In What Color Is a Conservative?, J. C. Watts, Jr., shares the remarkable story of his life and the controversy of his independent views. The fifth of six children, Watts was raised by parents who taught him the value of faith, family, hard work, and personal responsibility. As Eufaula and the nation struggled to integrate, Watts saw his father and uncle take on the local establishment to end segregation in his hometown, and he made history on his own as one of the first two black children to integrate the town's allwhite elementary school.
But it was J. C.'s outstanding football talent that earned him a scholarship and a quarterback spot on Coach Barry Switzer's legendary Oklahoma Sooners. He went on to lead the team to backtoback conference championships and Orange Bowl titles. After graduation, Watts opted to play in the Canadian Football League when the NFL refused to let him play his strength -- quarterback.
After his football career ended, J. C.'s interest in politics began to grow, but he would take a different path. "Like most African Americans," he says, "I was raised in the most partisan of households -- 100 percent Democrat. In fact, every black I knew was a Democrat."
Upon hearing Republicans such as Don Nickles and Jack Kemp espouse the same values as those of his father, he began to consider leaving the Democratic Party. It wasn't easy: "The ties that bind African Americans to the Democrat Party are strong, and I would argue are often based more on geography or tradition than ideology." But change he did, and soon his name was on the ballot. In 1994, as a candidate for the U.S. House of Representatives, he won Oklahoma's mostly white 4th District. That victory brought him national attention as the first black Republican elected to Congress from a southern state since Reconstruction.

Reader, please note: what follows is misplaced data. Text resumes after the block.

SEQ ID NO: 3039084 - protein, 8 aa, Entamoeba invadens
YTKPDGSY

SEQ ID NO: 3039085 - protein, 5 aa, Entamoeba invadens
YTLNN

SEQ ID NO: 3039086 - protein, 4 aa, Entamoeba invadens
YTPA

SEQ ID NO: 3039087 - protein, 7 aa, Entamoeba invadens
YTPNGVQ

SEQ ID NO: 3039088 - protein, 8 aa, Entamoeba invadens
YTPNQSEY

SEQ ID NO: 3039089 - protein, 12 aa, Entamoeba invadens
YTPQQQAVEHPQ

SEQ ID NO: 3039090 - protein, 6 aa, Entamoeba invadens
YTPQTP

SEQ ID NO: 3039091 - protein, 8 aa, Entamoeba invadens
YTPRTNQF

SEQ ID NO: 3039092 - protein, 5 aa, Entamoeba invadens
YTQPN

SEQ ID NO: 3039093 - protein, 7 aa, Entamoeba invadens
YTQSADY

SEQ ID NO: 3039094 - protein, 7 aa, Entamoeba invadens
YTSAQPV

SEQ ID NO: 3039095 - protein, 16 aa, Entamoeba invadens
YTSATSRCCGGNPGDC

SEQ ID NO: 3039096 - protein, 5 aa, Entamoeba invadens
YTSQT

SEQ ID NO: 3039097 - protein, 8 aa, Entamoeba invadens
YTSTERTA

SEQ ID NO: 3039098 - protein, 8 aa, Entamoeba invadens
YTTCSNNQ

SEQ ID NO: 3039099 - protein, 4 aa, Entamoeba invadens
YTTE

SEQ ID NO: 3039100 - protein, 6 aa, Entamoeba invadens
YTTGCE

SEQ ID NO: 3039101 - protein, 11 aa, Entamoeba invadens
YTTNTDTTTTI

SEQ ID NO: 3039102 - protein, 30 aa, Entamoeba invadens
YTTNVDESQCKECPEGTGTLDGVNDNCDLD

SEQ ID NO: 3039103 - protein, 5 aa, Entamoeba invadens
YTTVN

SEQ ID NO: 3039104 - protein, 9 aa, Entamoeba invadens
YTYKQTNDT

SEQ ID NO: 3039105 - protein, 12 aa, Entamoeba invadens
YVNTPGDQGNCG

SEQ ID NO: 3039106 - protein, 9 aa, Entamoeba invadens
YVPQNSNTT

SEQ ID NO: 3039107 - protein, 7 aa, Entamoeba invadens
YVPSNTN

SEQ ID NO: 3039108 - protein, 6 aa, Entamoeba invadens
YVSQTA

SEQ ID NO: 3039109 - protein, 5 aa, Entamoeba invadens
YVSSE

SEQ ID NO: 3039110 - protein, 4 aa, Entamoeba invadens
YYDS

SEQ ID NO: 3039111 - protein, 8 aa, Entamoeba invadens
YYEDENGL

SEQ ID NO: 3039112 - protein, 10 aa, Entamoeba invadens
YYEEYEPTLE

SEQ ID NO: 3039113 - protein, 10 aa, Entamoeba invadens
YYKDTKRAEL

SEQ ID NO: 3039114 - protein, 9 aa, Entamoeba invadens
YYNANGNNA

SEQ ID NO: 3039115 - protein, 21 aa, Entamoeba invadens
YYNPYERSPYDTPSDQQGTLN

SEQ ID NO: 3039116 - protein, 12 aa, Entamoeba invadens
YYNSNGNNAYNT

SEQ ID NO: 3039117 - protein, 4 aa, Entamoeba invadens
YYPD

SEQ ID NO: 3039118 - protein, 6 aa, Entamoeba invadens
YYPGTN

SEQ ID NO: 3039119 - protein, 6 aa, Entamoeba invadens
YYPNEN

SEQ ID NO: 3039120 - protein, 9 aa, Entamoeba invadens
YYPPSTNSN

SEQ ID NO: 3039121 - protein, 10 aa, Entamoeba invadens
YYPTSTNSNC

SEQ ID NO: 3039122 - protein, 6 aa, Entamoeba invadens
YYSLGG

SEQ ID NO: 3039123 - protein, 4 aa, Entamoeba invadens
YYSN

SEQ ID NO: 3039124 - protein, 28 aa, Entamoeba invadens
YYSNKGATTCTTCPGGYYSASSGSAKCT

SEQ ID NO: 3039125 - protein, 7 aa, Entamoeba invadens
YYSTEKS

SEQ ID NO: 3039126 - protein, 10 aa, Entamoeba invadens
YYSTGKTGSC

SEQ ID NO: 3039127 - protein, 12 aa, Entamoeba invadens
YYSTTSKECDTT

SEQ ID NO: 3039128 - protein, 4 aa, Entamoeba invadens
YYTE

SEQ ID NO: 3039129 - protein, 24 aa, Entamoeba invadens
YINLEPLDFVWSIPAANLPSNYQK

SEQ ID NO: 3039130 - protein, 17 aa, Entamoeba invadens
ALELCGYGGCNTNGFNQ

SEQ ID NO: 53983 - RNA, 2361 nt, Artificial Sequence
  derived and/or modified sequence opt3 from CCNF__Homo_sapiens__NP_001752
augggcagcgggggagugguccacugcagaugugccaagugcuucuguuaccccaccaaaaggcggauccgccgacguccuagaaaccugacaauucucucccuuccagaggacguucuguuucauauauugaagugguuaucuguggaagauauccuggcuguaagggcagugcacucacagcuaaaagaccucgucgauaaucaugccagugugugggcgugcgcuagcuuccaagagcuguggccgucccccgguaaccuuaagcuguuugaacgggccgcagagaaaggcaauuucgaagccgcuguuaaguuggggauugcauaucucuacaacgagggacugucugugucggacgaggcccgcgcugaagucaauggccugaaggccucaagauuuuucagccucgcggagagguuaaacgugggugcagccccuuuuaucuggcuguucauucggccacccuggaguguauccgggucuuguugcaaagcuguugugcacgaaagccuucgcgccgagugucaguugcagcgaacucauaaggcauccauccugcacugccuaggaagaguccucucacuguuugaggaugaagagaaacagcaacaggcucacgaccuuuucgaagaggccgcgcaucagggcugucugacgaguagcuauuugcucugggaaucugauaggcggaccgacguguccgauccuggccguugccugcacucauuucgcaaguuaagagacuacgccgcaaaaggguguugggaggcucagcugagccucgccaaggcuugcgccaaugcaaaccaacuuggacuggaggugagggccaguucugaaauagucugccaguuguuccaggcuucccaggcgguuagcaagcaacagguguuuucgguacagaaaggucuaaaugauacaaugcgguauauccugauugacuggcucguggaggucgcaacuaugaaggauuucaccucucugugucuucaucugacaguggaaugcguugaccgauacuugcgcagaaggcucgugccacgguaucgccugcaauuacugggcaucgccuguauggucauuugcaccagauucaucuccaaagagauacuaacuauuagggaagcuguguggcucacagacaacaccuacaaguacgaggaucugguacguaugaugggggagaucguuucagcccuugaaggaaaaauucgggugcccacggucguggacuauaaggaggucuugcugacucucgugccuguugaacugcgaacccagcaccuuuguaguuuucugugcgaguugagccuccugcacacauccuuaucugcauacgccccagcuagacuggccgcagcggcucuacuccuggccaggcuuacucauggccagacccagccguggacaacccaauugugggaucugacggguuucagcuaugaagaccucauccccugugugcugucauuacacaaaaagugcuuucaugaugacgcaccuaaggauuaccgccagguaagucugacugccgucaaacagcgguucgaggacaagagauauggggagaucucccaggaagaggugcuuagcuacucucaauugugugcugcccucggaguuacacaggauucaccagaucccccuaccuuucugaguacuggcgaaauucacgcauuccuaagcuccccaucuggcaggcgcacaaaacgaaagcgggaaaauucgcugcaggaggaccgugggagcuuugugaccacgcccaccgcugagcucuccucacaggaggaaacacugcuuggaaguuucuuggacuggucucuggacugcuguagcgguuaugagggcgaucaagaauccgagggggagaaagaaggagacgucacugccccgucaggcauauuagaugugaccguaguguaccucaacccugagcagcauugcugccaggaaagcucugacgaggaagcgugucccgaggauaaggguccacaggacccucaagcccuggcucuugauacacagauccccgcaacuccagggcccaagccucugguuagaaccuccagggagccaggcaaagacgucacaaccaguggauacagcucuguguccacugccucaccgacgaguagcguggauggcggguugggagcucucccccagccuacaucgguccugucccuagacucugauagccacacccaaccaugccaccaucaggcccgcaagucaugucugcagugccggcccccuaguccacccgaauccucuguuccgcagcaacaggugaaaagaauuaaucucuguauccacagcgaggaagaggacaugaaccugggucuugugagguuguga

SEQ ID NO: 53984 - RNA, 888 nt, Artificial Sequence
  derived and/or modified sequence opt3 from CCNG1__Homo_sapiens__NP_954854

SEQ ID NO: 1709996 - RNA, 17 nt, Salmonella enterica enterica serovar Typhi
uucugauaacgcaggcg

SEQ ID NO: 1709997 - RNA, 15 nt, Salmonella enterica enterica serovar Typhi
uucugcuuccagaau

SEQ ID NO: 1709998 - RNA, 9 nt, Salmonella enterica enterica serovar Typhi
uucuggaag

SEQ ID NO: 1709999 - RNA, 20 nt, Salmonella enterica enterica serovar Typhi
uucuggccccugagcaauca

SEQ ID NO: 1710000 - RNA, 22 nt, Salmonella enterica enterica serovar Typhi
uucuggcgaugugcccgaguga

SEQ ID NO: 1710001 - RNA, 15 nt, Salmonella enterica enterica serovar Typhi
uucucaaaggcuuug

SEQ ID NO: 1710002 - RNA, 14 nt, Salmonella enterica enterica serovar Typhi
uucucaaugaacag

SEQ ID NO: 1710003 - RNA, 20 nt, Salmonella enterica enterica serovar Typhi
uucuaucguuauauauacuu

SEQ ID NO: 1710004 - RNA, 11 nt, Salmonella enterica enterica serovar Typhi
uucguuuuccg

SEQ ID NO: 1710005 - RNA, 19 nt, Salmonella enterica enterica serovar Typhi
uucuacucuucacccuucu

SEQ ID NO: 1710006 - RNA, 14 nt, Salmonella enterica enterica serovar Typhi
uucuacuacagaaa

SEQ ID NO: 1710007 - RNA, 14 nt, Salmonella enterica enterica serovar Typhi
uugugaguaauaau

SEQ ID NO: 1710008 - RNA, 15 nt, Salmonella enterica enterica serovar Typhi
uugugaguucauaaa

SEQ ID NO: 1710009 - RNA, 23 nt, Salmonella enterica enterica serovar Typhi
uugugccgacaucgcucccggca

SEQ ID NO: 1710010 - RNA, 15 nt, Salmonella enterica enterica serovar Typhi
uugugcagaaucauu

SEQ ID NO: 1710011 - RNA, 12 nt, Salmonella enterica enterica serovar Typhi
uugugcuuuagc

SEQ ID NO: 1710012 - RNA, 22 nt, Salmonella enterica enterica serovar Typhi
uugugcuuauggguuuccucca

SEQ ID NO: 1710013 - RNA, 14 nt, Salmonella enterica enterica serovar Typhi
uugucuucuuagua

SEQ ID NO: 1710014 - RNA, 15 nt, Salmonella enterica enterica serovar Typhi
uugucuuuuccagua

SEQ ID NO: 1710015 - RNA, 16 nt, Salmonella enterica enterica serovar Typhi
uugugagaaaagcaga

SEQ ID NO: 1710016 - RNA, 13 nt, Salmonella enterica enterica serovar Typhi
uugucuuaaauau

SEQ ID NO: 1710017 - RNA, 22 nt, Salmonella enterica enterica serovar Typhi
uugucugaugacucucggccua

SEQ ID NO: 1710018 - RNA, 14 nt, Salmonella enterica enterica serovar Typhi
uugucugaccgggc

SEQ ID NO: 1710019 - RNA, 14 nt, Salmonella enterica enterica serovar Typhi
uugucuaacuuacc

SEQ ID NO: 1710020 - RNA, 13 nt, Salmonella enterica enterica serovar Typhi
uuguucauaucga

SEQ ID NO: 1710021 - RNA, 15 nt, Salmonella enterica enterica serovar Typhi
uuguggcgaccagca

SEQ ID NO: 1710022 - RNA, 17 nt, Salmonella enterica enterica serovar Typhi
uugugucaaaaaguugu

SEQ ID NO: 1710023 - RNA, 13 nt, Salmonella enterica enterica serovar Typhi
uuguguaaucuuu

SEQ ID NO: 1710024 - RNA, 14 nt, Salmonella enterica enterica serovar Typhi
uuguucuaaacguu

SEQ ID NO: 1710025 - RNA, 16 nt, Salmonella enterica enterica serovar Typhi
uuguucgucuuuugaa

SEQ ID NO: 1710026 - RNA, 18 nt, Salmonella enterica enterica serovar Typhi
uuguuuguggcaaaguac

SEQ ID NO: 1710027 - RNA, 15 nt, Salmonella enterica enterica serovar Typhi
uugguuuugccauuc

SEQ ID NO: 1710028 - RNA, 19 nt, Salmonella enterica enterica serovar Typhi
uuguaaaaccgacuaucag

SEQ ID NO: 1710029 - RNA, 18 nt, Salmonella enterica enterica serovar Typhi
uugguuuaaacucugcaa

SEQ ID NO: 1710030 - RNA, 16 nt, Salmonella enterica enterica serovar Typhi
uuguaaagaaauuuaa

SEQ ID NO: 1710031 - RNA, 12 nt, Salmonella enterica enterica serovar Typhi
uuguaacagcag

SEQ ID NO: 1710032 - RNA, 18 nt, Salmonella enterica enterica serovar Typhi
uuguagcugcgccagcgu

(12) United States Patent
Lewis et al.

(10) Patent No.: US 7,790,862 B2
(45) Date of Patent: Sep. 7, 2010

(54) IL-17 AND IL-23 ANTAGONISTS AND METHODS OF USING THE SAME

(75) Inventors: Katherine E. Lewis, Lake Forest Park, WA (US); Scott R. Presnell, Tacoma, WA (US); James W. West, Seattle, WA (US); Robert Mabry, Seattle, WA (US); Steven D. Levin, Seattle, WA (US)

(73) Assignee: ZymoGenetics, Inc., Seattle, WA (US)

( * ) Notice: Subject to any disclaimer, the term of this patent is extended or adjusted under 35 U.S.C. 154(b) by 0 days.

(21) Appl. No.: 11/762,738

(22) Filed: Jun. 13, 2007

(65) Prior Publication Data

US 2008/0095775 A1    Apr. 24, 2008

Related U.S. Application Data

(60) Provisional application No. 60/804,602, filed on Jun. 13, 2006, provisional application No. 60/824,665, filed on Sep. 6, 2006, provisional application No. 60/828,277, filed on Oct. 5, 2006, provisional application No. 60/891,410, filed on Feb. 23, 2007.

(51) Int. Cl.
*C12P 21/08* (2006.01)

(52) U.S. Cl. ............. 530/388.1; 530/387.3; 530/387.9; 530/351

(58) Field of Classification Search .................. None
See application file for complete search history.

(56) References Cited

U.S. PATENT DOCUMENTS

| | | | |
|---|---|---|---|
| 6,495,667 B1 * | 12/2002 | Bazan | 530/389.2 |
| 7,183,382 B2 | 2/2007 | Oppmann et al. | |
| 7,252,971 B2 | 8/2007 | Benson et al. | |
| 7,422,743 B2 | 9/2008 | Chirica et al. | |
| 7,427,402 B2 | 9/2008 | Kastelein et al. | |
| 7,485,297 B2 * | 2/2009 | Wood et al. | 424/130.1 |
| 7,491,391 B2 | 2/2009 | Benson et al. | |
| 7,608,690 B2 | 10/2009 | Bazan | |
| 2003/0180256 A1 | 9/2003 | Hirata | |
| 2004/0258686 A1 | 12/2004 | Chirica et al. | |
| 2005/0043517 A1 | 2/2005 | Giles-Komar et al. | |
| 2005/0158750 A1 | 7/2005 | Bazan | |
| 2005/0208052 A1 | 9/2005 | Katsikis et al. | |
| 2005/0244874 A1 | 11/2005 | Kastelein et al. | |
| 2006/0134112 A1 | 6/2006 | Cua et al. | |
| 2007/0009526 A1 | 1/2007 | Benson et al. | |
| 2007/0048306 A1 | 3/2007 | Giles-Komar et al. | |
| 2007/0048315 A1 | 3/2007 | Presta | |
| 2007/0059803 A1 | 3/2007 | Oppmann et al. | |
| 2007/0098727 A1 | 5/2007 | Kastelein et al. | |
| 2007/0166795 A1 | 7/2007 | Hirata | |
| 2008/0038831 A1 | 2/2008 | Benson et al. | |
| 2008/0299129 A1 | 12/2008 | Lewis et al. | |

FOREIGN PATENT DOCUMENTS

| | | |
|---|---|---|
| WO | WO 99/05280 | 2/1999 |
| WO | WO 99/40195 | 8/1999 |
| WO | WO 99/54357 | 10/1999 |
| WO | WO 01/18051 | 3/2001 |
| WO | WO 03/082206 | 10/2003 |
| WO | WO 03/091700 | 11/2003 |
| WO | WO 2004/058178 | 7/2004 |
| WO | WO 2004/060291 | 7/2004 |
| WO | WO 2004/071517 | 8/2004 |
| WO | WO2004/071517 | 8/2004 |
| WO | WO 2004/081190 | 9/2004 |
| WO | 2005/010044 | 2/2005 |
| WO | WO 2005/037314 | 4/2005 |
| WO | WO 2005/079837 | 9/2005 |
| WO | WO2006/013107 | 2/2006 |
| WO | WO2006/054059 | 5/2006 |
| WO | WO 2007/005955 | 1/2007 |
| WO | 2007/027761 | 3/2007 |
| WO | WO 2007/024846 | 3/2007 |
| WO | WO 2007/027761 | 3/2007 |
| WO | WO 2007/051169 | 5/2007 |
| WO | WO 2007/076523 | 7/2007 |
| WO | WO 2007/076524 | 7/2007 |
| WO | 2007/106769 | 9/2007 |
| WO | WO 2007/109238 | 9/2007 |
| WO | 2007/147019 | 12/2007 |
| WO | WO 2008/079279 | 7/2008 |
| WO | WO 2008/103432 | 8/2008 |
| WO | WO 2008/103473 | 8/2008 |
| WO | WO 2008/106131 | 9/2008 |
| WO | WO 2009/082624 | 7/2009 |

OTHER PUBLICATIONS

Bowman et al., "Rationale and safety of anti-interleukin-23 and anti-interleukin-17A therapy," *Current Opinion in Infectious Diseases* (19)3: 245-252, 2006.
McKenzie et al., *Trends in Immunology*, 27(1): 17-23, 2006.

During his eight years in Washington, J. C. Watts has not been a typical politician. And in What Color Is a Conservative?, he shows why, taking on what he considers negative forces and entrenched ideas in both parties. While he stands proudly with the GOP, Watts knows that a lot has to change. "The party of Lincoln has in many ways forgotten its roots," he writes. Meanwhile, the Democrats have cheapened the tone of public discourse, choosing character assassination over constructive dialogue, partisanship over unity.